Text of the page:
The theorem states the following:

In any network $(G, s, t, c)$ $(G$ is a directed graph, $s$ is the source, $t$ is the sink, $c$ are the capacities $)$ we have $\sup\{ v(f) : f$ is a feasible flow $\} = \min \{ c(S, T) : (S, T)$ is a cut }$

Moreover, the supremum is attained

The proof in the lecture notes is attached

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The problem starts at "Repeating this for each edge, we find a subsequence of flows with $v(f_i) \rightarrow M$ such that $f_i(x,y)$ converges for each... "

If we choose $1$ edge, we can find this convergent subsequence, for example by finding a monotone sequence and using standard analysis results. But when we choose the second edge, how do we guarantee that the sequence of flows converges for both of the edges?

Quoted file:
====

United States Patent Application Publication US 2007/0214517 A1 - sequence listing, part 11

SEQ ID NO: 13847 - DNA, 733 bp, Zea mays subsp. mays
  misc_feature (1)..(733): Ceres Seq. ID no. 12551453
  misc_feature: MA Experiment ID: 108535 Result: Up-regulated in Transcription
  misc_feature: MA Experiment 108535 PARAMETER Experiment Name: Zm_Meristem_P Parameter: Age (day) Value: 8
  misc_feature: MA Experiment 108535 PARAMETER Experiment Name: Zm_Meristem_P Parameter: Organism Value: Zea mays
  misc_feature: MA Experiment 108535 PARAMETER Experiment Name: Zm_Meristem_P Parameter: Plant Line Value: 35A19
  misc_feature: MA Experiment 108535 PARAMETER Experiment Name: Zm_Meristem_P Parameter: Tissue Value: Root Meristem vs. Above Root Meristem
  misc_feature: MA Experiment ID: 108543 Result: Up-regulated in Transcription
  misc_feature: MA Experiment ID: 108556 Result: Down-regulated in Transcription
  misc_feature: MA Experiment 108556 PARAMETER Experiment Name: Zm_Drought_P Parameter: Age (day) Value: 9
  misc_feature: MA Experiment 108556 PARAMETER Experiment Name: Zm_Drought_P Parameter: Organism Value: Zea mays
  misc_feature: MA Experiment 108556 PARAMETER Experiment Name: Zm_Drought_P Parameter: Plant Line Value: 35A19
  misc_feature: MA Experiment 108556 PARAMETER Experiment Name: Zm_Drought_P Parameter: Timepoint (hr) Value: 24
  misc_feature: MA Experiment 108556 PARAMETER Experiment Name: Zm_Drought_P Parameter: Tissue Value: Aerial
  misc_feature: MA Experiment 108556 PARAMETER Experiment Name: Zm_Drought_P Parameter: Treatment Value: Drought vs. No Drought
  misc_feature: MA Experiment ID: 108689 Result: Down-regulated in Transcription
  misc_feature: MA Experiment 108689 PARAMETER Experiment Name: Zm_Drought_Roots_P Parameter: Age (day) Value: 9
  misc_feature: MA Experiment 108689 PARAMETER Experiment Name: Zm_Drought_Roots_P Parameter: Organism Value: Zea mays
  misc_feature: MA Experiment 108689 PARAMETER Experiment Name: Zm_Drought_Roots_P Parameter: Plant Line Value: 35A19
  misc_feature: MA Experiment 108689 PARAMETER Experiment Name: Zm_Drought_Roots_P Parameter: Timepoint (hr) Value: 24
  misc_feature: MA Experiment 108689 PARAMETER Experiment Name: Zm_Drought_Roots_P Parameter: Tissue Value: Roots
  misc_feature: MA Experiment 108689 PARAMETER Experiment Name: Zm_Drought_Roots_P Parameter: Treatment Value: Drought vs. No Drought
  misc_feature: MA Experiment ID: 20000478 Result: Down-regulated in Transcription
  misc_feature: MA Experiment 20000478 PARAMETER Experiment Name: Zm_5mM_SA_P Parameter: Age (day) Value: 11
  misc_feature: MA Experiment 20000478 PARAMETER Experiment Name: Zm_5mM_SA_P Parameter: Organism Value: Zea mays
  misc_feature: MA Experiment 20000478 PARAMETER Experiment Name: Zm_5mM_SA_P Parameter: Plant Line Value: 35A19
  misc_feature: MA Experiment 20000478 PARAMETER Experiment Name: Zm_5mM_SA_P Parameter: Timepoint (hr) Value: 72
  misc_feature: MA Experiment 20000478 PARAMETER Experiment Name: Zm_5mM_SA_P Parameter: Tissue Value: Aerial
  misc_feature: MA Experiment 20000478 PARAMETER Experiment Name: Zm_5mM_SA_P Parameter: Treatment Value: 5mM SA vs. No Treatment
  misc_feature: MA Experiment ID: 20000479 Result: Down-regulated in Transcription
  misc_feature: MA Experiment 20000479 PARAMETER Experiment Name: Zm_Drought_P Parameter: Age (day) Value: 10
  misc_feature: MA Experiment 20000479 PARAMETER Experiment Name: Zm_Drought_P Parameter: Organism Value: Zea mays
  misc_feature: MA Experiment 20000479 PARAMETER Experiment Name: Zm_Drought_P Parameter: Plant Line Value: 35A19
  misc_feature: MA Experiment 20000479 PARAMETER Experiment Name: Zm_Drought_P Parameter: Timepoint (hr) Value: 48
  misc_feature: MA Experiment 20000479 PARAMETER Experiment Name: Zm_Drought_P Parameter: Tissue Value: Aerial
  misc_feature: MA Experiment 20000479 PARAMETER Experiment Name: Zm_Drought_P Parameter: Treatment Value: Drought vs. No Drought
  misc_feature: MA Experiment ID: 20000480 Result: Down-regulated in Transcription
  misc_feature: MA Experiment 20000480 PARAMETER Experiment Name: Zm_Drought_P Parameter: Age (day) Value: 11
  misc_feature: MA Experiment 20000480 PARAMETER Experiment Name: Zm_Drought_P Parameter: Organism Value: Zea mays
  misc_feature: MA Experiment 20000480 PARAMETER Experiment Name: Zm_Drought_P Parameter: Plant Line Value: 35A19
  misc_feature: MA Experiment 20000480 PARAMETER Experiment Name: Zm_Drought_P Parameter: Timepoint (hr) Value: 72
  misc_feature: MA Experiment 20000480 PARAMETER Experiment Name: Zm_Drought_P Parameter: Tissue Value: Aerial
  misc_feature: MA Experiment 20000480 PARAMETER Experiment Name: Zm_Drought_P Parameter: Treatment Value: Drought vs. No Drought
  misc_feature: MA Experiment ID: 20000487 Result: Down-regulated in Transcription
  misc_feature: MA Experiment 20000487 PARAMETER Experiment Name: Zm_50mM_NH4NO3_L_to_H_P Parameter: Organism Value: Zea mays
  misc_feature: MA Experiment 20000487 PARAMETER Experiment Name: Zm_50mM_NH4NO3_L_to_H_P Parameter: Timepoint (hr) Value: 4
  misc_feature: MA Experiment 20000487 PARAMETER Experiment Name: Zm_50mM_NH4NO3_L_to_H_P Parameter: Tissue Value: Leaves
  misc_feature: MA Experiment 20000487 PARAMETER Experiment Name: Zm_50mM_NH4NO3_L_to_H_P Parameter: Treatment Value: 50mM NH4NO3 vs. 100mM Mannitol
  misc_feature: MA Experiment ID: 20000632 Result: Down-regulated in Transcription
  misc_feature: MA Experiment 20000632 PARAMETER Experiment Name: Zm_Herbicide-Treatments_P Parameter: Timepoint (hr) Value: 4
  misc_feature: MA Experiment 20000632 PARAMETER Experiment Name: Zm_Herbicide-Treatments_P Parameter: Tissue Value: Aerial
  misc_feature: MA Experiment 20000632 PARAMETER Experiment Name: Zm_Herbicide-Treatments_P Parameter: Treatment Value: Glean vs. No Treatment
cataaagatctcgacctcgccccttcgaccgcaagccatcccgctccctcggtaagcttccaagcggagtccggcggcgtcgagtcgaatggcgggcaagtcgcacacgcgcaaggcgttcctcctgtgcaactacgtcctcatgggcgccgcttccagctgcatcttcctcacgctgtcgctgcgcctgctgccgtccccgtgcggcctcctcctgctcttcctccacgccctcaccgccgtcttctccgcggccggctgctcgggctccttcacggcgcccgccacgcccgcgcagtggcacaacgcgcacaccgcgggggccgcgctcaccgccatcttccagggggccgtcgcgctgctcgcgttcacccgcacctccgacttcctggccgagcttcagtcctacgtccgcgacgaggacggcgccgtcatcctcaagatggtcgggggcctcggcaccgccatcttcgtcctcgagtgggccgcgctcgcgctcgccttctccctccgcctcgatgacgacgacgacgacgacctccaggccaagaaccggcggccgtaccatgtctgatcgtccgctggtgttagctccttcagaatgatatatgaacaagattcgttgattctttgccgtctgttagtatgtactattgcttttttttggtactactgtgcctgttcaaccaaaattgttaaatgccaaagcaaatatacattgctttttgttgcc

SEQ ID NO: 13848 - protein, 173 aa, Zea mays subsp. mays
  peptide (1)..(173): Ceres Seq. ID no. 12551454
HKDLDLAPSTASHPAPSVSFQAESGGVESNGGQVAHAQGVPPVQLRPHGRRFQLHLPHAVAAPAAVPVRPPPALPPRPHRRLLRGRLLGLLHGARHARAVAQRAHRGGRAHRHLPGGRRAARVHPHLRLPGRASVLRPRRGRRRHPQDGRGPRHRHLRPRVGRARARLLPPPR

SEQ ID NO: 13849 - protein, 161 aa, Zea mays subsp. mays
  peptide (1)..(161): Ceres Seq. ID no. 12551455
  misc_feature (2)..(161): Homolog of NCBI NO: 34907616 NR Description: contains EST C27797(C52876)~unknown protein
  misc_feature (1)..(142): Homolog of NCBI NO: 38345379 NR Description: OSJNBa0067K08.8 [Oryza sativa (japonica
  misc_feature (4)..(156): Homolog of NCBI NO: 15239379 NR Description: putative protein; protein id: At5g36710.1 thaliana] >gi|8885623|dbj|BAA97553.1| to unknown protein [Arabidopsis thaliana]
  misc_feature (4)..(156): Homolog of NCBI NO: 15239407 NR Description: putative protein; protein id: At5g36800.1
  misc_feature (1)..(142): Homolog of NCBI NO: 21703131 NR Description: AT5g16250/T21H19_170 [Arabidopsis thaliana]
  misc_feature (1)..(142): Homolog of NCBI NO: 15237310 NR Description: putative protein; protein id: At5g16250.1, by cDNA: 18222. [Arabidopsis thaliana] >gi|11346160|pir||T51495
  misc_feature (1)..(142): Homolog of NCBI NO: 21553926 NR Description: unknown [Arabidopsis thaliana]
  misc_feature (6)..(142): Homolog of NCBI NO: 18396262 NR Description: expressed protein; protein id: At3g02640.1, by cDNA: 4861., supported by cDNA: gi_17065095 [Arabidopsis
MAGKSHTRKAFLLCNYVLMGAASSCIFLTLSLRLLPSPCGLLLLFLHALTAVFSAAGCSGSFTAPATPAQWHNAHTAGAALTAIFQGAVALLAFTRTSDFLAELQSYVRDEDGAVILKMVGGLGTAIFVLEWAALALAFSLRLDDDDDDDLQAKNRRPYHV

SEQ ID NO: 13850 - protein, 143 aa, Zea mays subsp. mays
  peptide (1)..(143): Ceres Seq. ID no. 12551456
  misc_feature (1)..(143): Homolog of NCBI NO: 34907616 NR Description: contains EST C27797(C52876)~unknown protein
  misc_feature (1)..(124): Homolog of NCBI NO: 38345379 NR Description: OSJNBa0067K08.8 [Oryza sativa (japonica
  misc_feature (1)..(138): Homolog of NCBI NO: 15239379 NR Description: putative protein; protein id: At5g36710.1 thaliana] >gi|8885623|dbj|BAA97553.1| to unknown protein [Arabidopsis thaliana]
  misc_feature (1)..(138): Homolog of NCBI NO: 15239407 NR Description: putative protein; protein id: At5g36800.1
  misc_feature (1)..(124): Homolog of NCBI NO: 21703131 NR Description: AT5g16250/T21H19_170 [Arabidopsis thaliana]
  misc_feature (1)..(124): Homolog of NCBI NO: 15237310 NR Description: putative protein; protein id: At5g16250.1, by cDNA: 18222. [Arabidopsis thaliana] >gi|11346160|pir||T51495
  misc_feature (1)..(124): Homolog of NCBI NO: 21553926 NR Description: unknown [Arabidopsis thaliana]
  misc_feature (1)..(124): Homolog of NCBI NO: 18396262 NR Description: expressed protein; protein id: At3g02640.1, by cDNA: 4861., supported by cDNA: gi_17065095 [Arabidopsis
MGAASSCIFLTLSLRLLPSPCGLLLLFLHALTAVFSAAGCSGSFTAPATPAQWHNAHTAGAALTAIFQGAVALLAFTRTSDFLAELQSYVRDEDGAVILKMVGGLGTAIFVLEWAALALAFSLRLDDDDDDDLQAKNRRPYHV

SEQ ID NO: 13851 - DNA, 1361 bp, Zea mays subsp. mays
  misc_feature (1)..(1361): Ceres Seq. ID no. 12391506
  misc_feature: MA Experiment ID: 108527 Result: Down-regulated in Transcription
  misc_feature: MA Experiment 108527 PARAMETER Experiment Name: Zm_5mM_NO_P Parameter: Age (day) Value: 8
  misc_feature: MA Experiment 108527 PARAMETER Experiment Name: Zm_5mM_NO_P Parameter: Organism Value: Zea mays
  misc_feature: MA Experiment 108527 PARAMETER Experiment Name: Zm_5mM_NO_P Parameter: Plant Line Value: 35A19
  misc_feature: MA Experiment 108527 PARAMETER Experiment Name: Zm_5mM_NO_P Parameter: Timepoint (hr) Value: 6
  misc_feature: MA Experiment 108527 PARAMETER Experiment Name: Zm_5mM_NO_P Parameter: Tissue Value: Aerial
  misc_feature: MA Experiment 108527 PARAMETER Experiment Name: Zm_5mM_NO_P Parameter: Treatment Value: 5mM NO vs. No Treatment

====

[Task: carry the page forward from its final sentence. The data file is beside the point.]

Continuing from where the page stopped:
Thanks in advance


The trick is a standard analysis one:

Let $f_n(x_1y_1)$ and $f_n(x_2y_2)$ be two sequences. We can then find a subsequence $f_{k_n}(x_1y_1)$ which is convergent. Next, instead of looking at $f_n(x_2y_2)$, look at the subsequence $f_{k_n}(x_2y_2)$. This is bounded, thus it has a converegent subsequence $f_{l_n}(x_2y_2)$.

Now, since $f_{l_n}(x_1y_1)$ is a subsequence of $f_{k_n}(x_1y_1)$ it is convergent.

Note This is actually an argument about compatcness. In $\mathbb R^d$ a set is compact if it is closed and bounded. Thus by boundedness, the sequence $$(f_n(x_1y_1), f_n(x_2y_2),..., f_n(x_dy_d)$$ has a convergent subsequence in some closed ball in $\mathbb R^d$.

  • $\begingroup$ Oh, i see, thanks a lot! $\endgroup$ – asdf Dec 26 '17 at 18:06

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